Rome WebQuest

Newspaper Terminology

The headline is a series of short, flashy words that briefly state the most important event reported on the front page of the newspaper.  This should NOT be a complete sentence.  Do not overuse punctuation.  Avoid exclamation marks!  The first word and every noun, adjective, and verb to follow should be capitalized.
War Declared
Man Walks on Moon
JFK Assasinated

Feature Story
This is the main story located on the front page.  Included in this article are all the facts related to the event.  Often, people who have either experienced the event or have been in some way affected by it are quoted.  Sometimes, experts that have studied the event or similar events are also quoted or interviewed.
The writer of the feature story must remain "objective".  This means that the writer can not state his or her opinion regarding the subject of the article.  Feature articles answer the questions: who, what, where, when, how, and why.  Remember to start the article with a short, snappy topic sentence.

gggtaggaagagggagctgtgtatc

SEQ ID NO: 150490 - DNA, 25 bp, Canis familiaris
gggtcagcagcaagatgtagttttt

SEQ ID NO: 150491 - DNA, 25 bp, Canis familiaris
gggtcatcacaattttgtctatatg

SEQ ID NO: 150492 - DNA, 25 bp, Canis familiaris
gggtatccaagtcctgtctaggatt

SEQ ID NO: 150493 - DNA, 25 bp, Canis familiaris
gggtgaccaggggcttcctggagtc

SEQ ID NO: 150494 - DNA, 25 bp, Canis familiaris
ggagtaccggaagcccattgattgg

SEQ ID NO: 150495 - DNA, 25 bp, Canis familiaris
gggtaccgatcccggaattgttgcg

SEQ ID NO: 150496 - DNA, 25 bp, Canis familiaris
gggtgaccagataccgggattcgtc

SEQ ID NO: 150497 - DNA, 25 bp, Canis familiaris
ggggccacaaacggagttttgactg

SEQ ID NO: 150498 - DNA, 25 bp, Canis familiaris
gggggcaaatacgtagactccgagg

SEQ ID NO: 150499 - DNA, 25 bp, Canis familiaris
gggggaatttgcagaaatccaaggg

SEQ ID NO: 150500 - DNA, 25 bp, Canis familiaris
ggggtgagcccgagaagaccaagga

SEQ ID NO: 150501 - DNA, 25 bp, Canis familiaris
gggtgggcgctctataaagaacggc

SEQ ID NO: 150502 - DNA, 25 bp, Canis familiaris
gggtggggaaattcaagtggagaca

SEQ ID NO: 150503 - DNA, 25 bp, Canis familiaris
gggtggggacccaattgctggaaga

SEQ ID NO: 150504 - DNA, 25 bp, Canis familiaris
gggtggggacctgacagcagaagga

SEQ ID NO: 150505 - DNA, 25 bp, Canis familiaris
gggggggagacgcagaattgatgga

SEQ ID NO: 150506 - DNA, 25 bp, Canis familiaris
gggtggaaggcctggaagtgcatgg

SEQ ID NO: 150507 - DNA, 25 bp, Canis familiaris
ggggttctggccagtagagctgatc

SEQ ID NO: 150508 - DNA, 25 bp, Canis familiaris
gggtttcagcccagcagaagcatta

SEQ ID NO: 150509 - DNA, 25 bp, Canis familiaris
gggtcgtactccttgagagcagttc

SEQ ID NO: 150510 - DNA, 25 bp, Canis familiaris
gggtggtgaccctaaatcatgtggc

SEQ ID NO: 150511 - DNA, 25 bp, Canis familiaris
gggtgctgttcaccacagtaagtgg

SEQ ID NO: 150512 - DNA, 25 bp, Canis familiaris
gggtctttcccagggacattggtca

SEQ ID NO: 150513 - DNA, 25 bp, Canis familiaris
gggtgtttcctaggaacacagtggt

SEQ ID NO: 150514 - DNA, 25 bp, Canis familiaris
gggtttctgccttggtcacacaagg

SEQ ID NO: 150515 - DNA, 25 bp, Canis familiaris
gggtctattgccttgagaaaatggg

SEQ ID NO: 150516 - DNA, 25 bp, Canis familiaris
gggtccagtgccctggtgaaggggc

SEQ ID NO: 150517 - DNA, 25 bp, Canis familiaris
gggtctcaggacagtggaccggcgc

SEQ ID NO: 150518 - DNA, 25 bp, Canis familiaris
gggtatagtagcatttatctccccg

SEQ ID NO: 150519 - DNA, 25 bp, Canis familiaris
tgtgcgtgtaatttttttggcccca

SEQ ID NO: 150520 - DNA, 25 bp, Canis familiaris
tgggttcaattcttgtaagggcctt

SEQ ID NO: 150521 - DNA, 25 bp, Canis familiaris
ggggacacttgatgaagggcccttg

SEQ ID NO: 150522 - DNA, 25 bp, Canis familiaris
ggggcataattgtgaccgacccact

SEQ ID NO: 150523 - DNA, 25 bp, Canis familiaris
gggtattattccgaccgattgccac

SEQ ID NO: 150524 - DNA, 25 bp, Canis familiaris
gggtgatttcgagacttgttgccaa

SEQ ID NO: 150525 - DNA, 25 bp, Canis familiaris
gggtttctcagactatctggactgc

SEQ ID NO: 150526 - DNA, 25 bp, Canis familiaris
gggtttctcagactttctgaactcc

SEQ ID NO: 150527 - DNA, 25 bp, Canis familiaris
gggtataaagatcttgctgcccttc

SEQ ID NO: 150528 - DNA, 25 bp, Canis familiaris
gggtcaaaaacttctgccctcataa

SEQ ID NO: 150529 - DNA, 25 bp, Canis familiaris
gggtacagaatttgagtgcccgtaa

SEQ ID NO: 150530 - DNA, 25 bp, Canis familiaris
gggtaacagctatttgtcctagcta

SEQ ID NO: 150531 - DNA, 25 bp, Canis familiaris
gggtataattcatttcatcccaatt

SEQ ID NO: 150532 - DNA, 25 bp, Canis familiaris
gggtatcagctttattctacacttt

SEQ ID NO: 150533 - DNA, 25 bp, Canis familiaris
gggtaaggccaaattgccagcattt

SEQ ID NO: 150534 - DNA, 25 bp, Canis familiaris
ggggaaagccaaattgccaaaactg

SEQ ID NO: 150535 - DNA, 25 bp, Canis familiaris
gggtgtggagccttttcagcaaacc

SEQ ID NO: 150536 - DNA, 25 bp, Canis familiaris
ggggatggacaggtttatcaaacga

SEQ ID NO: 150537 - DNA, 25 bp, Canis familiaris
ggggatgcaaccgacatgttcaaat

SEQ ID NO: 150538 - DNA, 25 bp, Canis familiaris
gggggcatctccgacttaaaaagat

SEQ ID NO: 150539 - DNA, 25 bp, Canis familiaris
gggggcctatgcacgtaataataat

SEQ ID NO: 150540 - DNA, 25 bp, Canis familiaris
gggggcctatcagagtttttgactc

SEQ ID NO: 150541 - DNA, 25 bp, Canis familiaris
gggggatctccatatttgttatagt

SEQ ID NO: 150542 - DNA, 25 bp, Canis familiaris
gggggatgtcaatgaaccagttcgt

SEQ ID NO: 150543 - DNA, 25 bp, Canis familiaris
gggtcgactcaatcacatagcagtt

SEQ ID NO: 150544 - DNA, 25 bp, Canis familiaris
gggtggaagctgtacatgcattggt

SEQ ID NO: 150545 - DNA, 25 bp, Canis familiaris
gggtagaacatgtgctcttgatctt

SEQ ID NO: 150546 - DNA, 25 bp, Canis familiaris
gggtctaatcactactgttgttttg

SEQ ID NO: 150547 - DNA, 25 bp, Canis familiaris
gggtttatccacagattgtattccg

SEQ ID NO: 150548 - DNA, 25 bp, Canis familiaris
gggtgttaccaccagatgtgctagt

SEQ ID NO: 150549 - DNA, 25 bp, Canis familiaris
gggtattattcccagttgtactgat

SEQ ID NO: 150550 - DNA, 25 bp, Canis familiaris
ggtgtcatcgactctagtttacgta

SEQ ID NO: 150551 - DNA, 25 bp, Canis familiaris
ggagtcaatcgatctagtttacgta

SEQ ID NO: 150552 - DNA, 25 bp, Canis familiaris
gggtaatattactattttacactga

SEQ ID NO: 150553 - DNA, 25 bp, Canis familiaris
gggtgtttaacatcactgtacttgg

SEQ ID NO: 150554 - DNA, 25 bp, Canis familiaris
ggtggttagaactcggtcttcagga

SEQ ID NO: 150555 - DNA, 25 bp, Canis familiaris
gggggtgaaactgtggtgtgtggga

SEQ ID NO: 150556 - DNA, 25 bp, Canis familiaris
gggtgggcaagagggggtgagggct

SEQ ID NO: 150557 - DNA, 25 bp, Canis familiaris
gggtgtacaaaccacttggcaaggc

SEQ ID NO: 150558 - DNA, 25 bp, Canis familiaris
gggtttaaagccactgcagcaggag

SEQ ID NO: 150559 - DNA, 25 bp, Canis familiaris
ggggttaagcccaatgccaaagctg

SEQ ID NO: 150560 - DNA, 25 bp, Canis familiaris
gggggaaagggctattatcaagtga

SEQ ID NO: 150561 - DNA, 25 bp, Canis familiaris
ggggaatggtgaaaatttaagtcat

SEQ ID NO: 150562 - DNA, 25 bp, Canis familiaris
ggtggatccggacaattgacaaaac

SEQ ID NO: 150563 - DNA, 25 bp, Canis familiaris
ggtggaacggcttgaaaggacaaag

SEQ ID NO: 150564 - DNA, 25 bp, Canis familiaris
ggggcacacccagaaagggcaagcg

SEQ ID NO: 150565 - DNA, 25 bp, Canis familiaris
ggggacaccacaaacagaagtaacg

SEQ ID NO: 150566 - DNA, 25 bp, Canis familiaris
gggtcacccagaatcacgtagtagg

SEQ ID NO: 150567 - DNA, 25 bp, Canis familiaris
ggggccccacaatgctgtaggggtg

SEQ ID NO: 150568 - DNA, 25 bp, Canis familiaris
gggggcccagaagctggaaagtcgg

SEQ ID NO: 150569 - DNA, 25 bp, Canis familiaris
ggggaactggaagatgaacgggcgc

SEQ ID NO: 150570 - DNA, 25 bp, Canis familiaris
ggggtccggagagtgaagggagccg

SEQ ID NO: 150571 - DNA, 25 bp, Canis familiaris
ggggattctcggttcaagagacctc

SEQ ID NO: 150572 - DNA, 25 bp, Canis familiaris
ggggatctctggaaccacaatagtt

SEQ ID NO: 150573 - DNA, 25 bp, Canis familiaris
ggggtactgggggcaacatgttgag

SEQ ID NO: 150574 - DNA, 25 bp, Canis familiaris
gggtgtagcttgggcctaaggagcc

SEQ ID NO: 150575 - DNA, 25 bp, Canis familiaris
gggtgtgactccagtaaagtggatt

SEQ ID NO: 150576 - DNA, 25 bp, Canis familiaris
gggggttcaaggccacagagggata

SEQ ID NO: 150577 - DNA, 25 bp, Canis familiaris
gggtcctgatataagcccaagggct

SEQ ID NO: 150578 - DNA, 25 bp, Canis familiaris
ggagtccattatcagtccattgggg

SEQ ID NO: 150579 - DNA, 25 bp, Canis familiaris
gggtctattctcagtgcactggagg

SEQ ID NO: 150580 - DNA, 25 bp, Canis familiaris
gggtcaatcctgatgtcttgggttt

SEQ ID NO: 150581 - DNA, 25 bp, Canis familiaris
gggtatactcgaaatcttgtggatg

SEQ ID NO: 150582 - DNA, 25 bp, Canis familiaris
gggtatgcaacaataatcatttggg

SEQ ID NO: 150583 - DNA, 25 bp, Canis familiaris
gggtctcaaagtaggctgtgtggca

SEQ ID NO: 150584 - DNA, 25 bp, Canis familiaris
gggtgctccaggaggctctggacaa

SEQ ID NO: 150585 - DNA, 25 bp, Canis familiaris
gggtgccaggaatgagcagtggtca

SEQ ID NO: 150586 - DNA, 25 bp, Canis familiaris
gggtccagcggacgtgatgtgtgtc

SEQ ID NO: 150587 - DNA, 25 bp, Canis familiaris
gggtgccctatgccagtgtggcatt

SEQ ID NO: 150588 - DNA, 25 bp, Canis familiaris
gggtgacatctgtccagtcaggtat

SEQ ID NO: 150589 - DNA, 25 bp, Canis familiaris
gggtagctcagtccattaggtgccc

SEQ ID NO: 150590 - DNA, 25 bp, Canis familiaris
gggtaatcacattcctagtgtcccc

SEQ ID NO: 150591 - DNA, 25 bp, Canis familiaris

The editorial is the written opinion of the editors and writers working for the newspaper.  Often, this piece of writing is directly related to the feature story on the front page.  The editor's opinion, however, must make sense and should be backed up by the facts discussed in the feature article.

Newspapers make money by selling space to advertisers.  Advertisers attempt to convince the readers to buy their products.  Often advertisements contain a combination of words and pictures to tempt the readers into buying goods, products, or services.